After installing or upgrading a custom scoped application onto a target instance, the Runtime Access Tracking field setting is automatically set to a value of Enforcing (and this value cannot be modified), despite the fact that the value of the Runtime Access Tracking value on the source instance is set to value other than Enforcing.
Although not necessarily well documented, this modification of the Runtime Access Tracking field is actually the designed and expected behavior in the system. The default system behavior is that, for any custom scoped application that has the value of the Runtime Access Tracking field set to Tracking on the source development instance, this value will automatically update to a value of Enforcing on any target instances to which it is installed. The Runtime Access Tracking field is locked down on this Scoped Application record on the target instance and thus cannot be modified.
Thus, this expected behavior is for an application which at the time of publication, has the Runtime Access Tracking field set to a value of Tracking, this value will automatically be updated, on the target instance, to a value of Enforcing. There is no warning that this will occur, so it may catch some administrators or users unawares when they notice this value has changed and the application might behave differently by default because of this change on the target instance. At first, it may appear that the application did not install correctly, or in the case of an application upgrade did not actually upgrade as intended. However, as noted, this is the default designed behavior for this field on an install or upgrade to a target instance and thus there should not be concerns regarding an invalid install or upgrade of the application.
The purpose of this system behavior is to help protect the scoped application, once published and installed on target instances, from being used in a manner not originally designed by the author of that application. The author thus has control over his own application and prevents the application from interfacing with objects to which it was not intended and without that author's knowledge.
As this is the designed behavior for this field, it should first be understood how the system is designed to work.
The method for which the application has been designed to work is for the application designer to ensure that all the scripting functionality of the application is executed at least one time during testing. In this way, any necessary Cross Scope Privilege records can be created on the test instance. Then, when the application is published these Cross Scope Privilege records will be deployed with the application. Any Cross-Scope privileges that are defined and se to allowed will be permitted, while any that are not defined (or implicitly set to deny) will not be permitted. At such time as the scoped application is installed on a target instance, the expected and necessary Cross Scoping records are packaged and installed with it and the application will work as required on the target instance.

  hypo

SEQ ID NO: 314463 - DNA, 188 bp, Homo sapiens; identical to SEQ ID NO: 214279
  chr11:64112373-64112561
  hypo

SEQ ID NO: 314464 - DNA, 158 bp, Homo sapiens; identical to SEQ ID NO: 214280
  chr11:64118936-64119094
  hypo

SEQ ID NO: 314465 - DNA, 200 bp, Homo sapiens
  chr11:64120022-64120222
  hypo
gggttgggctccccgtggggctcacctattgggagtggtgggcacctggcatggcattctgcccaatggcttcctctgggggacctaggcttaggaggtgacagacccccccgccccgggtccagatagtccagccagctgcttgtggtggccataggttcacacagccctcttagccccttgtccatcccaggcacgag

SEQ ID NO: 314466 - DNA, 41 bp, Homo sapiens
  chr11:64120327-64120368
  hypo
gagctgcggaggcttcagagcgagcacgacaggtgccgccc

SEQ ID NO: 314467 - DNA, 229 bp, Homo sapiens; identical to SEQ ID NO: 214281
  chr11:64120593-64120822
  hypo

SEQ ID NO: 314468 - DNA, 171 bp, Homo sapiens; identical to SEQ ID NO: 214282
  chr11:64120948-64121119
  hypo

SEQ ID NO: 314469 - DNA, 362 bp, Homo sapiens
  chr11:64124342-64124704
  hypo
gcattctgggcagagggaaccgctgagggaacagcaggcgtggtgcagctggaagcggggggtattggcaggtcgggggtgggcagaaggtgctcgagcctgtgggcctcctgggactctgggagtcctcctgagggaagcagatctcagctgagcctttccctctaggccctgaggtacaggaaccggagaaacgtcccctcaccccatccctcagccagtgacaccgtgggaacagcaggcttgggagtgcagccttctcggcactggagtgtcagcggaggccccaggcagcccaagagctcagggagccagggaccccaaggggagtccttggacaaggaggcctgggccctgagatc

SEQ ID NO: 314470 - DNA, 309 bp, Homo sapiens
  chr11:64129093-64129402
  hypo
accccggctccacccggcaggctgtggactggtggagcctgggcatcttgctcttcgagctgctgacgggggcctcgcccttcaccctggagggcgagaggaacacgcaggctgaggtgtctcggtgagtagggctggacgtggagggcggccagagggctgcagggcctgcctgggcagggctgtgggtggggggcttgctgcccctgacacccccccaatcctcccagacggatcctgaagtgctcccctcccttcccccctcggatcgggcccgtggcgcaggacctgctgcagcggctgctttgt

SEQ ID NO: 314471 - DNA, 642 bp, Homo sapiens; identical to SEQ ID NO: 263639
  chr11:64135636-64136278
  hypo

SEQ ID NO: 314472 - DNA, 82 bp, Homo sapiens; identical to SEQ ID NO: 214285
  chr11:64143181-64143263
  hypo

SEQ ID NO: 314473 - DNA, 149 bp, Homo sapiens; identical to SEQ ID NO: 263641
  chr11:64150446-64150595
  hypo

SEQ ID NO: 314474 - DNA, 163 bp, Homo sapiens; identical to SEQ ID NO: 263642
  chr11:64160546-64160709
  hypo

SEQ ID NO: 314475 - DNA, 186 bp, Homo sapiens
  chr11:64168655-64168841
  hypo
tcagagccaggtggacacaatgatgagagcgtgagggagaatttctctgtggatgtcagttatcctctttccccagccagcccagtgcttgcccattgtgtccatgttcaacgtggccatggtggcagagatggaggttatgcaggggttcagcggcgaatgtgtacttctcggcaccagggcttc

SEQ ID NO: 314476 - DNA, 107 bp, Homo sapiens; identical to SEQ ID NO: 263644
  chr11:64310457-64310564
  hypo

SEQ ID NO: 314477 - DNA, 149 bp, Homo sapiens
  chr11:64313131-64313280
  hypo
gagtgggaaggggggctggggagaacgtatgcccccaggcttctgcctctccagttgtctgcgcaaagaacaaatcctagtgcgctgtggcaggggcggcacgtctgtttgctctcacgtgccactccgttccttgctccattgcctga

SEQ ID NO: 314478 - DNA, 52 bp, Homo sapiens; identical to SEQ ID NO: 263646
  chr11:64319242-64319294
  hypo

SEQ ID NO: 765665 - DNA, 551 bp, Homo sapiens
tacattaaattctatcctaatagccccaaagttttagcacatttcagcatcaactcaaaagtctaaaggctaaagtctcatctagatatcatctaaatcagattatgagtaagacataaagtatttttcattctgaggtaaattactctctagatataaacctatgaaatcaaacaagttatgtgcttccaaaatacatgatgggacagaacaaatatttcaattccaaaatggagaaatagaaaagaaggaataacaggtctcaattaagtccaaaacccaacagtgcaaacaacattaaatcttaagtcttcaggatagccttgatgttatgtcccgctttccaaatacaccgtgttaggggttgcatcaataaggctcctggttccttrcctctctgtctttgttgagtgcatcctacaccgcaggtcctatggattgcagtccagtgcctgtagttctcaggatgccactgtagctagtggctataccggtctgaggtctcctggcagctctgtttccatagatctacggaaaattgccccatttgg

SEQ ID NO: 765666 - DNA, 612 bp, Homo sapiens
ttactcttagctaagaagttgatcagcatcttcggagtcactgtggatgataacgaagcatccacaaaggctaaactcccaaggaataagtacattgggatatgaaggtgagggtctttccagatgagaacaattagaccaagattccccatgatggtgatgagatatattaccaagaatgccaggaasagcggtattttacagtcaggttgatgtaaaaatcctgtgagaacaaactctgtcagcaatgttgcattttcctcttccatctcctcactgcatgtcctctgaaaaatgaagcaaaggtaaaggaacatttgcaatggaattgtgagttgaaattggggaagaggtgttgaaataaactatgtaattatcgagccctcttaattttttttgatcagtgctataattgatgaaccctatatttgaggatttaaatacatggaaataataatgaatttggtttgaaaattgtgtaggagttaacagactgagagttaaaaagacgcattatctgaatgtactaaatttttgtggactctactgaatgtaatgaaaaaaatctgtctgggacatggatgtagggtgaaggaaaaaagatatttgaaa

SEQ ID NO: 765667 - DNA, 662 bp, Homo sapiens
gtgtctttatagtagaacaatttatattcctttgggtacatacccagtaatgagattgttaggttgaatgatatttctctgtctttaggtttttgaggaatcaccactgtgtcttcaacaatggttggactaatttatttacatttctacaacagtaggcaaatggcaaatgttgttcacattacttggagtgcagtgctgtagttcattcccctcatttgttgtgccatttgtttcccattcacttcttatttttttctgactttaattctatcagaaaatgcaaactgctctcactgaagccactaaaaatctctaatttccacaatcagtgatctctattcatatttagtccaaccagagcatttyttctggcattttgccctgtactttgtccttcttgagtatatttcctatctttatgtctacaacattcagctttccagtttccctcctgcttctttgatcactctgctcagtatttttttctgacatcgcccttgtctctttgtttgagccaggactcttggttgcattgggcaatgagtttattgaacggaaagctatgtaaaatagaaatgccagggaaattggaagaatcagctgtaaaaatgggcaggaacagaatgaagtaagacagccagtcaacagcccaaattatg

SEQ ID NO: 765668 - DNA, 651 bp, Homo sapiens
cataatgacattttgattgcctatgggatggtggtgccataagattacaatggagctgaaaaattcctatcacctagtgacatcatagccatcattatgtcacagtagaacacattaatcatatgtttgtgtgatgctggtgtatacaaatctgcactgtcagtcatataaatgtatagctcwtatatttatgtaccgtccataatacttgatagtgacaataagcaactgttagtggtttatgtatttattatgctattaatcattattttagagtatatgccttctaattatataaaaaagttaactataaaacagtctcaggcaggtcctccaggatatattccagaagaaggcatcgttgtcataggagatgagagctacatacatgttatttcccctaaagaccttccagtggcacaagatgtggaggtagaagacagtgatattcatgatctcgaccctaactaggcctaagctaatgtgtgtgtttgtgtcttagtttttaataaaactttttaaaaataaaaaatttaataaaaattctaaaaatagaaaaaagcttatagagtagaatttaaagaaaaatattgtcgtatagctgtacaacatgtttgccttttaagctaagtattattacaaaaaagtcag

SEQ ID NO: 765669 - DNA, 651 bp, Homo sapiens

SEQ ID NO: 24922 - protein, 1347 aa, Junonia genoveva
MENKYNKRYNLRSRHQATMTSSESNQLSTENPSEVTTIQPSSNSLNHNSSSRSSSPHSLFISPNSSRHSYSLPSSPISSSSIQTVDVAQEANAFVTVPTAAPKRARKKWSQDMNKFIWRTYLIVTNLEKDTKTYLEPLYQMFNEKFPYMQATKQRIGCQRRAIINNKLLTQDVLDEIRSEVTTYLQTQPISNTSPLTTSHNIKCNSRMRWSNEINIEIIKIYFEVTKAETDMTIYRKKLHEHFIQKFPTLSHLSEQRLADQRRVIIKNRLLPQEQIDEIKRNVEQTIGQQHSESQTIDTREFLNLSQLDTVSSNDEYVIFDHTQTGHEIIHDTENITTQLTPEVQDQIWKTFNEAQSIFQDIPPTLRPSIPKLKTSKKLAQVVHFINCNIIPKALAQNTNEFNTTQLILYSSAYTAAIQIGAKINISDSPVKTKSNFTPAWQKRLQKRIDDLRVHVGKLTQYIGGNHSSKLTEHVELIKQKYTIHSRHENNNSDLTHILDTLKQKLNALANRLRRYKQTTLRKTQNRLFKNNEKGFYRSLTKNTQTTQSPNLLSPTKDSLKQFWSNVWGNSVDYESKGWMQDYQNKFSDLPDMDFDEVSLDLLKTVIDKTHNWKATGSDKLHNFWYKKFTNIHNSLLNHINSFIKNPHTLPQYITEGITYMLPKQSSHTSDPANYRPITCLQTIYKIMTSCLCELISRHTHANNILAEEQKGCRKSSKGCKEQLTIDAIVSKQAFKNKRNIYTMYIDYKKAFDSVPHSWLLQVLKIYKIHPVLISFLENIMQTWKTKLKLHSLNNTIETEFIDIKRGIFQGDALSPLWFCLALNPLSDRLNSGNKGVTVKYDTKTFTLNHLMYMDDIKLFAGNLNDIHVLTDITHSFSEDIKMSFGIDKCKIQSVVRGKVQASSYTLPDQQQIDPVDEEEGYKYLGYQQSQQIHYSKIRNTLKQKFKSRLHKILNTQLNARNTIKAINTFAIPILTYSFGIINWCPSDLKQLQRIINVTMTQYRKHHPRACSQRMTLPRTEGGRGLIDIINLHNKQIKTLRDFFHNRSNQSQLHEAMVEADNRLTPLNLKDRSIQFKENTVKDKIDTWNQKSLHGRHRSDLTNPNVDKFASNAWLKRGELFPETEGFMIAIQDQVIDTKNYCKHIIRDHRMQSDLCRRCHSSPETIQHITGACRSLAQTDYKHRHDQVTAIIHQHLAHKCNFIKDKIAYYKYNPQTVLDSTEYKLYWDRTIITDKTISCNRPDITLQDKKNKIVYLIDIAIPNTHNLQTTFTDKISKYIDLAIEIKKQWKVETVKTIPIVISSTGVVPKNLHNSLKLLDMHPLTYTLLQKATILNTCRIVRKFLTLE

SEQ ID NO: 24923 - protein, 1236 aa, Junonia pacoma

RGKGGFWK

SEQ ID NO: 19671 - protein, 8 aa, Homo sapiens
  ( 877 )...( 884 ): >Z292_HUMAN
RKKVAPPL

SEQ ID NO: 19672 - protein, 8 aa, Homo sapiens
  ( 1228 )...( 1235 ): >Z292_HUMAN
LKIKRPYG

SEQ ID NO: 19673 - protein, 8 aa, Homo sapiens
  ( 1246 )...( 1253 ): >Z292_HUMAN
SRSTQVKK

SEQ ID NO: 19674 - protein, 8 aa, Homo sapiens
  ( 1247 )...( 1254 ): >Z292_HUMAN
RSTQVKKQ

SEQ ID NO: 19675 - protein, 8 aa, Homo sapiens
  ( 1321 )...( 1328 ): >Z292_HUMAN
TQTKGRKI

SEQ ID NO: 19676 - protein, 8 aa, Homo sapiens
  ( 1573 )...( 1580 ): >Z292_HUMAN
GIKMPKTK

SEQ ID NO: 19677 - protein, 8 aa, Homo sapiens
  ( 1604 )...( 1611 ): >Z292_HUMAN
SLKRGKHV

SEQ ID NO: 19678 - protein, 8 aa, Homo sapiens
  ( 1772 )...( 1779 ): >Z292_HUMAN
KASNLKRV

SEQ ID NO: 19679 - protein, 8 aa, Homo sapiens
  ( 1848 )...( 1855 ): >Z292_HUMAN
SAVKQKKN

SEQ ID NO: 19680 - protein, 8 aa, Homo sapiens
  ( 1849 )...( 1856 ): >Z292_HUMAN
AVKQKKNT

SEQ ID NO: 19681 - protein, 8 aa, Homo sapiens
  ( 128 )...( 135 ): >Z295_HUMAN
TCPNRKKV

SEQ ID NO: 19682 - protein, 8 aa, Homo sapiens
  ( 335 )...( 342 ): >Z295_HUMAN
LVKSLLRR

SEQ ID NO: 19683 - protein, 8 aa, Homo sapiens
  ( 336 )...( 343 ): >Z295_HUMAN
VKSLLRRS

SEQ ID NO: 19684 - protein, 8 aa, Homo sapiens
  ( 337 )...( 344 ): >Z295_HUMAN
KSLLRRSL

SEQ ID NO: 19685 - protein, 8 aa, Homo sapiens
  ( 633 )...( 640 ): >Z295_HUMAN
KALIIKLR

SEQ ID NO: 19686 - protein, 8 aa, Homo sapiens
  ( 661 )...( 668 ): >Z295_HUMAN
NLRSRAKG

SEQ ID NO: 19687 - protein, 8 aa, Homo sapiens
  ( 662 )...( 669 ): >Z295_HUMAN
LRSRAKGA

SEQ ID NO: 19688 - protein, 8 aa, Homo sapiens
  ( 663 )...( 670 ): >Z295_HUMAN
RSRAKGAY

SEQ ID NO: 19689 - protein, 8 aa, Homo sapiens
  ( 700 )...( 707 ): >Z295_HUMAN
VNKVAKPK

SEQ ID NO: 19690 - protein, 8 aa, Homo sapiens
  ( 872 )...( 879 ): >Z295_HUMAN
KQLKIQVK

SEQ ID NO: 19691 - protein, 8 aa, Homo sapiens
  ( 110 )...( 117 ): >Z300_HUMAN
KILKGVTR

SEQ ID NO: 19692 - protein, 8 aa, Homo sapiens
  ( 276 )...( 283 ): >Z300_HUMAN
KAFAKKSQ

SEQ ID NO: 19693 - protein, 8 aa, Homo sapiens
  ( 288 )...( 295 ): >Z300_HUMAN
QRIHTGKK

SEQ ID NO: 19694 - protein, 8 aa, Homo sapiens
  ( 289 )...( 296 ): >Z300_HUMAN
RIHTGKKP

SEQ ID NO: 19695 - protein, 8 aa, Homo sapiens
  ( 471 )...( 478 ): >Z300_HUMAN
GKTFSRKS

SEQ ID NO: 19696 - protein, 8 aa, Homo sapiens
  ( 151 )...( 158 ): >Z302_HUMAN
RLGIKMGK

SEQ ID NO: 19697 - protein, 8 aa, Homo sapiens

Thus, in the case that the Runtime Access Tracking record is set to Enforcing on the source instance, the usual procedure is for the developer to ensure that the necessary Cross-Scope Access records are created and in place before final publishing of the application.
The usual way to do this is for the developer to ensure that every potential script and functionality of the application was executed at least once as per the normal expected usage of the application. This would then identify the necessary Cross-Scripting permissions that should be added to the application. In the case in which the Runtime Access Tracking application is set to Tracking on the source during development, when any functionality occurs that requires cross-scraping permissions, an appropriate Cross-Scope scripting record is created which will allow this access. In the case in which the application has the Runtime Access Tracking afield set to Enforcing, each access requiring these cross scope privileges will not be allowed but a record will be created in the Cross Scope Privileges table with a type of Requested. The Developer would then review these records and determine if this operating requiring cross-scope access should be allowed, and may then either select Denied or Allowed as appropriate for the operation.
Important Note: After the application is published, unless the Runtime Tracking Access field is set to None, the system will only allow runtime requests to execute that have a valid cross-scope privilege record on the instance.
Resolution or Work-Arounds
As this is the actual expected and designed behavior for custom Scoped Applications on the instance, the best option is to ensure that the application, before publication, has all the necessary Cross Scope permissions required for proper operation of the application. If not, the application and the cross-scope privileges should be corrected on the development environment and republished after which time it can be reloaded onto the target instances.
Alternatively, the Runtime Tracking Access field on the source instance application could be set to "None", the application republished, and then reinstalled with the newest version on the target instances. However, this should only be done if this setting was inadvertent and these Cross Scope access controls at the scope level will not be needed for the application. This is usually only recommended for scoped applications that might be specific to a small environment and not intended to be distributed to multiple environments or published to the ServiceNow Store.
Much of the information discussed in this article was originally found in the following excellent blog post on the ServiceNow Community site (see the section titled Enabling Cross Scope Access):